As mentioned earlier, factor in the cost of damage control and you are looking at a hit of anywhere from 10 to 40% on your bottom line.

Avoiding Bad Data

To commandeer an age-old proverb, “a byte in time saves nine.” Investing in the right set of controls might seem cumbersome, and perhaps unnecessarily expensive, at the beginning, especially if you are looking at manageable volumes of data. But given the astronomical rate at which data collection can happen, not to mention the near-unrealistic expectations customers have from companies they buy from (“you must know everything about what I need without knowing anything about me”), it’s an effort that will quickly pay for itself.

1. Have backups and failsafes

Most organizations suffer from bad data when they are hit by a data outage. With cloud storage and hosting becoming increasingly cheap these days, it’s an excellent solution for organizations who don’t want the hassle of investing in IT infrastructure on their own. But whatever you do, ensure that you run periodic backups of your databases and have mirrors you can switch to when needed.

2. Build for the future, not for the present

When you are designing your system, plan ahead in years, not months. A thumb rule we like is to budget 10x the requirements in the short-term, 50x in the medium horizon and 100x in the next 3 years. The multiplier is not just in terms of users, but also in terms of spread – geography, product, partner, etc. Think flexible, think scalable.

For instance, if there’s a chance you might work with Chinese firms in the future, you might be better off planning a database system that can work with Chinese characters; if you are looking to operate in two different countries, you might want to ensure that you capture timestamps in UTC instead of local times.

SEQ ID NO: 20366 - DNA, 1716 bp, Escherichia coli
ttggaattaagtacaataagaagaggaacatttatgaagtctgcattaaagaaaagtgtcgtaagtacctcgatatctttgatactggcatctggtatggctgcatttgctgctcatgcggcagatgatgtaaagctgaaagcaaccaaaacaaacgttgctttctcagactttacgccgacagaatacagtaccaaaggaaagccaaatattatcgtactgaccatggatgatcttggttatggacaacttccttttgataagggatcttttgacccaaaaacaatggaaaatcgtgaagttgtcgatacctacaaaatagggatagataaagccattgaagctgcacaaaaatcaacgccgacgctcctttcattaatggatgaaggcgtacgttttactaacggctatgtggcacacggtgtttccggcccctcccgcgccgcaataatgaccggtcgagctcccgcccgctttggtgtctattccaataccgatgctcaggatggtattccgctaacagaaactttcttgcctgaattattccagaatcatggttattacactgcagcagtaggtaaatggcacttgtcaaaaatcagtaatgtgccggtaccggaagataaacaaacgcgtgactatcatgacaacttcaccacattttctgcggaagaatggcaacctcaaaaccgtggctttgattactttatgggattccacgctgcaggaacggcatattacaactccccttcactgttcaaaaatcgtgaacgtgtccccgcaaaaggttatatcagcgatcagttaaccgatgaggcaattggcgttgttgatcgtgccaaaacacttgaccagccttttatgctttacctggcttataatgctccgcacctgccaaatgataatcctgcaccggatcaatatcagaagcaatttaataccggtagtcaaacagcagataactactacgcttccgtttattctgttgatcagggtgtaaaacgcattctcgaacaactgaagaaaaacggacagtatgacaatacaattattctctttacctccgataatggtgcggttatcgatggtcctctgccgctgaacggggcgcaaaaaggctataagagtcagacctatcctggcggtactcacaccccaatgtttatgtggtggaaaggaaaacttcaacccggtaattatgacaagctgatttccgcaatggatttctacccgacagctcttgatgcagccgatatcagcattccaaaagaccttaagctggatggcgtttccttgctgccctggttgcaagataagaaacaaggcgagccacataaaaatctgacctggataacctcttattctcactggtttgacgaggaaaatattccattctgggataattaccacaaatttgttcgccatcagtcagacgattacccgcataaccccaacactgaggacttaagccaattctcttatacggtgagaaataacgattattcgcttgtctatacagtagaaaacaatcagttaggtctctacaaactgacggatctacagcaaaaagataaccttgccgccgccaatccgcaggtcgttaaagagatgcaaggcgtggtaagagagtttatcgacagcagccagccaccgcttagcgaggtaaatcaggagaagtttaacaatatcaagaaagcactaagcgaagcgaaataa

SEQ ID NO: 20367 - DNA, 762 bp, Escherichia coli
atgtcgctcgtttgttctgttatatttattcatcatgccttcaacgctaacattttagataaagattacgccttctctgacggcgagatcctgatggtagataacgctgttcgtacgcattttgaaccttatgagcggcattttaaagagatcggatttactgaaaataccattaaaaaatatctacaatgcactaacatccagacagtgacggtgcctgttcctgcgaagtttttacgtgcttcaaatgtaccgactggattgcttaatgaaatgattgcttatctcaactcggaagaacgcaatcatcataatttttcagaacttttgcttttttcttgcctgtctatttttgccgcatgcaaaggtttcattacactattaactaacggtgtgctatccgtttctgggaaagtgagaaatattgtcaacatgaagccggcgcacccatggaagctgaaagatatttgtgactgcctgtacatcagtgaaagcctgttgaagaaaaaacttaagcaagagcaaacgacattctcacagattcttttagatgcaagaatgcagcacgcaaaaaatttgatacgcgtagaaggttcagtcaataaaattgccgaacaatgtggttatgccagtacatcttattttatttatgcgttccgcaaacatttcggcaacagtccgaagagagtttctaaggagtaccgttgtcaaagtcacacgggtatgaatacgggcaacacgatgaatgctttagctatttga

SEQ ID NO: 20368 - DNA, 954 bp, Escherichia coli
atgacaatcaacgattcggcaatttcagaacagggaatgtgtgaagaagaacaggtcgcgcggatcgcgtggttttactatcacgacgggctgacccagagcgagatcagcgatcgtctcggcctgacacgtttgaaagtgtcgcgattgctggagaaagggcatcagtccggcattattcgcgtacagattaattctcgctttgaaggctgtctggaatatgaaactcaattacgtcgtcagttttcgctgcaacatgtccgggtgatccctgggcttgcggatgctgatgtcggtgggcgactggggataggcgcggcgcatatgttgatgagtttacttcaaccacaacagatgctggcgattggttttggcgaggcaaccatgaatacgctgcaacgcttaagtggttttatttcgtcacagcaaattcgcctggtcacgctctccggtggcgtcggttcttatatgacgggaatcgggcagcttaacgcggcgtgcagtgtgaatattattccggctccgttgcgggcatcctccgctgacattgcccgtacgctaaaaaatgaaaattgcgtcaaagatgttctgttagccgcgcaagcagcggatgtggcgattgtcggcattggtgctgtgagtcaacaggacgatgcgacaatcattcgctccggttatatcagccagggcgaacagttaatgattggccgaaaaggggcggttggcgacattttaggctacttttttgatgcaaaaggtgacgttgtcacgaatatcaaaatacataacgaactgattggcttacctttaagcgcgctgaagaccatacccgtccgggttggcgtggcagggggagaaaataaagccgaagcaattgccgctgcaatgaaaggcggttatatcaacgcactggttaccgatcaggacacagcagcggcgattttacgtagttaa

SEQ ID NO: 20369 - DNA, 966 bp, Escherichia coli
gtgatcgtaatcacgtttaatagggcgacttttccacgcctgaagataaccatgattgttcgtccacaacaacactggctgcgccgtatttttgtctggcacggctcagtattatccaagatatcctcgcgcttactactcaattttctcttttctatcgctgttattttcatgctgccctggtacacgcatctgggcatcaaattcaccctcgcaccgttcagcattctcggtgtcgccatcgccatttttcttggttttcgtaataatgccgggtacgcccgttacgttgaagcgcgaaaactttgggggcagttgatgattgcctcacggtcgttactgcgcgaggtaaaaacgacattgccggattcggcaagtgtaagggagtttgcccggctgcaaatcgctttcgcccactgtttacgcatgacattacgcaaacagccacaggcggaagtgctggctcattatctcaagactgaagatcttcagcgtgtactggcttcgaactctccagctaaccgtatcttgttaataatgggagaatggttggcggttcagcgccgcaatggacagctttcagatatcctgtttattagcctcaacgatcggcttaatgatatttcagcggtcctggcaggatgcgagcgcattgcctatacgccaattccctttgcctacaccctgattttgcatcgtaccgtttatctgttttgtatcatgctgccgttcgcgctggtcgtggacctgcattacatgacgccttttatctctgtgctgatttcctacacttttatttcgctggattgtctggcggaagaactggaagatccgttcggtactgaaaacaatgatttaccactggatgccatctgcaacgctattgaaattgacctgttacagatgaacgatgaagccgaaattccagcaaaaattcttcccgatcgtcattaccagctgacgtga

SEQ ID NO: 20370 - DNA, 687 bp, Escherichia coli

3. Promote a culture that respects data first and foremost

Sales divisions often make the mistake of marking a customer ‘lost’ when he/she declines on a call, and then attributing it to the salesperson making the call. This is a short-sighted approach that is ripe for gaming – it tempts the salesperson into keeping the customer’s status as ‘active’ instead of a ‘DNC’ (Do Not Contact), which means that the company will keep contacting the customer and lose both money and goodwill in the process.

Creating a culture that focuses on accurate data, on the other hand, means that the door to future value-creation is always open. Encouraging an employee to reject bad data, as opposed to forcing him/her to accept data just so that there is some data in the system, sends the message that you take the veracity of the data you possess very seriously.

4. And one policy to rule them all

In the near future, almost every organization – and certainly all of your worthy competitors – will have access to all the data needed to make business decisions. What will then separate the leaders from the rest of the pack is how quickly they identify how bad data gets into their systems and how effectively they deal with it. It will be the ones with robust, mature data governance policies that set the pace for everyone else.

Data governance policies cover everything from how data should be collected and how it should be processed, to who can access it and at what levels. When you have clear controls in place for design and access, it helps you identify gaps and entry-points for bad data faster. It will also help you build checkpoints that can guard against bad data, such as when talking to a third-party system or when running batch operations.

For more insights, you can check out some of our posts on the topic of data governance: